Wednesday, December 18, 2013

Film review: The Conjuring

Thanks to a youth spent reading everything I could on the paranormal, I was already familiar with the real Warrens and their reputations. Even better, thanks to Lorraine appearing occasionally on Paranormal State, I was primed for catching her cameo in THE CONJURING.

So part of my interest in seeing the film was based in prior knowledge and an appreciation for ghost stories. But more than that, even early reports on the movie gave a glimmer of hope that this might be one of those rare, genuinely good modern horror films. The casting seemed excellent, and while it's based on a true story that's similar to many other haunted house tales (fiction or not) it's a formula that just kind of works.

After watching THE CONJURING, something else occurred to me. It might be a personal preference, but right now, there's something that just looks great (and feels eerie) about films set in the 70's. I'm not sure what it is yet, but I'll have to keep my eye out in the future.

Overall, the film was excellent. I think this will be the top new horror film that I would recommend to anyone who asks for a suggestion, horror fan or not. I really liked the creativity they took in making the film creepy without resorting to the usual lame tricks. I felt like the filmmakers really took care with this story, too.

If you're not at all familiar with The Warrens or this film yet, you should know that it straddles a line between a haunting and an exorcism film. That said, if religion in your horror puts you off, you may not like it as much. I'm not saying it's preachy, and it's not. It's just a fact that in the world of this story, there are demonic spirits, and it requires some religion and exorcism to overcome it. In my opinion, it could be an issue for you if you can't grasp or respect The Warrens' perspective. You don't have to share it, but I know there are horror lovers out there who just can't "get" films that require that sort of gear shift.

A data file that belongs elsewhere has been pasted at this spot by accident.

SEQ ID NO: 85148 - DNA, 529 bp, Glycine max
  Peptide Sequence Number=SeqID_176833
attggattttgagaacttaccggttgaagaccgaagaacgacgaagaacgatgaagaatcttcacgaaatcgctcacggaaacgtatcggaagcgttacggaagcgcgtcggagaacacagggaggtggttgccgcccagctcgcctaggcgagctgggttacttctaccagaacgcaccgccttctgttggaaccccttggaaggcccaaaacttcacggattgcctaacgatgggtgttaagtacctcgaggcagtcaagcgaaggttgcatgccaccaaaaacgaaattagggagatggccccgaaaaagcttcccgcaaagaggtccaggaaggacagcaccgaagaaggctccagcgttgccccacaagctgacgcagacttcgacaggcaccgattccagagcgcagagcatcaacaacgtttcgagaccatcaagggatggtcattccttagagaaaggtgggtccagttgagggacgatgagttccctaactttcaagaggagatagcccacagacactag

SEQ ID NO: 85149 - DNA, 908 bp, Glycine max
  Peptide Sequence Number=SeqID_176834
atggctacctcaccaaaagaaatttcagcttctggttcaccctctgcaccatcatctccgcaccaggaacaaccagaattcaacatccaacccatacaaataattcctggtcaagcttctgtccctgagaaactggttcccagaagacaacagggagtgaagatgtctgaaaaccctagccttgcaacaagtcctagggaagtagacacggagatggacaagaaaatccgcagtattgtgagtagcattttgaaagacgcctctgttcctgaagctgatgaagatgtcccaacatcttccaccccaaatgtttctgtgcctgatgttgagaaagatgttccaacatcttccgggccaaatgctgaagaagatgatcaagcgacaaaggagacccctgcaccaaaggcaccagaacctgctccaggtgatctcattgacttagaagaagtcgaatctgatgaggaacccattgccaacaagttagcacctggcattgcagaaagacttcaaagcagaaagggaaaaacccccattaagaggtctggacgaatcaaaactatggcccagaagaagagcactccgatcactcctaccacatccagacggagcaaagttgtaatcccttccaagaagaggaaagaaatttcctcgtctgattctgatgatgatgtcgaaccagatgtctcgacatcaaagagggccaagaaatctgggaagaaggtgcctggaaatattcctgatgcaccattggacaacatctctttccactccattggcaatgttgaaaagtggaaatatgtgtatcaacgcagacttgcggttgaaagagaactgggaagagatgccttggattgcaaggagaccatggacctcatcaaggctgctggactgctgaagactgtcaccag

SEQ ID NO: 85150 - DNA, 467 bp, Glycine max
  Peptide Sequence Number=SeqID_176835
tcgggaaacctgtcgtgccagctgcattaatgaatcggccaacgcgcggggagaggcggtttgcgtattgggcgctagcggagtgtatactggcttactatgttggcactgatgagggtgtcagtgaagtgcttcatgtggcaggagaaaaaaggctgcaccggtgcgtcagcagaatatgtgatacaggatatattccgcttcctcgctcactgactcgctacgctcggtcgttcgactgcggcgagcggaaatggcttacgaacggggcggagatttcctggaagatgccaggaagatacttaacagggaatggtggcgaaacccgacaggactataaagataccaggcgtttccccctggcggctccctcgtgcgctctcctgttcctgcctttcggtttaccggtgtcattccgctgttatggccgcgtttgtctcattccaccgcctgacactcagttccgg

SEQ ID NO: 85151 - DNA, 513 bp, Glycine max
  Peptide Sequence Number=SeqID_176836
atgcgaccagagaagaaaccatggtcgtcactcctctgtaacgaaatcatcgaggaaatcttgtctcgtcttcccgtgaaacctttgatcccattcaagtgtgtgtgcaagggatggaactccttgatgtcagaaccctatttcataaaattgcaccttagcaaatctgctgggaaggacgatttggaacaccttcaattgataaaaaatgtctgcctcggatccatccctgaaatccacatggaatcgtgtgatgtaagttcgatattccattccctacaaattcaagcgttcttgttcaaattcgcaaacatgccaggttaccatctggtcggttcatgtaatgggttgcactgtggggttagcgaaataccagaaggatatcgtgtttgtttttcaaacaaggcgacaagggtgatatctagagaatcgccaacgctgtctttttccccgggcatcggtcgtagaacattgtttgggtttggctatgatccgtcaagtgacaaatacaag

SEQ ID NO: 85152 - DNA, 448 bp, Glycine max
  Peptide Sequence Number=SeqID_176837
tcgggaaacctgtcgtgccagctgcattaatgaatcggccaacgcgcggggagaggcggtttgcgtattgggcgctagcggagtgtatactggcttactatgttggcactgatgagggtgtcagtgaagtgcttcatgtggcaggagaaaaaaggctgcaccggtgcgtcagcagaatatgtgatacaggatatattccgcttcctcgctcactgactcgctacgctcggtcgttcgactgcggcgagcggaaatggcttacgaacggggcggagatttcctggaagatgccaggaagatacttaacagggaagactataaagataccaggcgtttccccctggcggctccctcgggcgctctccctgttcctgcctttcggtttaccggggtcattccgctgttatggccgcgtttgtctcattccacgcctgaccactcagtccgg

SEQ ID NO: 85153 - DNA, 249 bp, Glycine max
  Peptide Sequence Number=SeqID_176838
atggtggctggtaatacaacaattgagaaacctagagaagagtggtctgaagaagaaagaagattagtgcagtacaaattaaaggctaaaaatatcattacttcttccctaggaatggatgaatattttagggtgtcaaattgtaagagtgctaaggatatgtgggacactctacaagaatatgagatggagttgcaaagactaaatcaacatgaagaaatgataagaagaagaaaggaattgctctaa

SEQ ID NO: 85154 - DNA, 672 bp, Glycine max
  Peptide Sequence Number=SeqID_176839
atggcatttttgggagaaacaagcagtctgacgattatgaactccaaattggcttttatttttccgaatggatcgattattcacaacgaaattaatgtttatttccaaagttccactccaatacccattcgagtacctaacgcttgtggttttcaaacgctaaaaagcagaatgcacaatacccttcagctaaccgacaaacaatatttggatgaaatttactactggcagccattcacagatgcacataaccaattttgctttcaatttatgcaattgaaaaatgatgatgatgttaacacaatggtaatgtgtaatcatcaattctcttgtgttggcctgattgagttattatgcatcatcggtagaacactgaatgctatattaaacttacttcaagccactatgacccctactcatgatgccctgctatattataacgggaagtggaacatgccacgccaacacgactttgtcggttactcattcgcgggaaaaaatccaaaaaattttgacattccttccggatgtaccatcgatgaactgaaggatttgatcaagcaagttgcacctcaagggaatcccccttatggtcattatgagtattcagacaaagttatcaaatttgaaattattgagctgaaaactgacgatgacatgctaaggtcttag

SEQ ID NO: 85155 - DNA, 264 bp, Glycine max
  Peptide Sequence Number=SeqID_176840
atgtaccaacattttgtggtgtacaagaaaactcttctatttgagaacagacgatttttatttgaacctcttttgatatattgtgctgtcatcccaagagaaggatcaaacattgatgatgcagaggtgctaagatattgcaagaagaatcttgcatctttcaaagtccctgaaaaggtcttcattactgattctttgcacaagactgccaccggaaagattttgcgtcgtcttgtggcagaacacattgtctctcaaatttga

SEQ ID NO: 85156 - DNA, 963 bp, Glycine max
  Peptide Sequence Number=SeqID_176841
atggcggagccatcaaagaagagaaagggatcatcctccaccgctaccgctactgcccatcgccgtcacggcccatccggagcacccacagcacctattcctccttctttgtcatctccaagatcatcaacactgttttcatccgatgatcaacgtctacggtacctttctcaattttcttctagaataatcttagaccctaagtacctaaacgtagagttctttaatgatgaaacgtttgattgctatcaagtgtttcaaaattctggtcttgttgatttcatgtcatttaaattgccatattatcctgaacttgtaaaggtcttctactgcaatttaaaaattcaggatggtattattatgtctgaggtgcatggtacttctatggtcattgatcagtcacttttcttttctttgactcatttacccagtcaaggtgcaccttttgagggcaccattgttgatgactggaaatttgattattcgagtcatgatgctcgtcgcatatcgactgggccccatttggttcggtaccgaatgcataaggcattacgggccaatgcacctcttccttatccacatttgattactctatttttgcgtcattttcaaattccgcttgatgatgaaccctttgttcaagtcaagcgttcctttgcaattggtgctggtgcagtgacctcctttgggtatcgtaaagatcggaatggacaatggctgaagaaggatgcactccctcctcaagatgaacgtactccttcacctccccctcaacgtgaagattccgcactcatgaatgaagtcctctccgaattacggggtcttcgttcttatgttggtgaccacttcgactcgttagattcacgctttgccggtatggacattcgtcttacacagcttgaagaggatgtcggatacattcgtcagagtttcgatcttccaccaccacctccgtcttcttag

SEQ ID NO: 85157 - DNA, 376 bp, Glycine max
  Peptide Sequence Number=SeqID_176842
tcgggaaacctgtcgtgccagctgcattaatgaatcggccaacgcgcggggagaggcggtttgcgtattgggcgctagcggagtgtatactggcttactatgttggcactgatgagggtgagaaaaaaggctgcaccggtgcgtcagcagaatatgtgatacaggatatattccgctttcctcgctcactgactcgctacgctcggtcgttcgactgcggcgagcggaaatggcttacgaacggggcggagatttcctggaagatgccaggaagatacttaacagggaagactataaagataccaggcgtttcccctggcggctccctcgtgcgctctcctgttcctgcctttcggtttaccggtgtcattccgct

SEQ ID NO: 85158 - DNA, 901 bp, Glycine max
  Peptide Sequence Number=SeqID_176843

Personally, I find religion fascinating in a sort of sociological and psychological way. At this point in my life I am not religious or spiritual at all, but I find belief an intriguing thing. I've especially taken a shine to considering religion in horror, because the role it plays in creating (and overcoming) fear and evil is such a powerful and interesting thing.

There is one minor detail that bothered me, though. In discussing the history of the house in the story, they wandered into the topic of witches. Oof. I try to understand the religious beliefs that lead people to make blanket statements about witches when what they really mean is "satanists" but alas, it remains a sticking point for me.

That aside, I'm relieved that THE CONJURING stood up to my expectations, and happy that there's a new, quality entry into this sub-genre that doesn't involve a handheld camera.

1 comment:

  1. Just saw this movie a couple of months ago and really I came into it with no familiarity with the Warrens or their work, but I didn't have a problem accepting the premises upon which their work is based. In that sense it's a bit like "The Exorcist" which quite matter-of-factly requires you to believe not only that demonic possession happens, but that only specific Catholic rituals can combat it.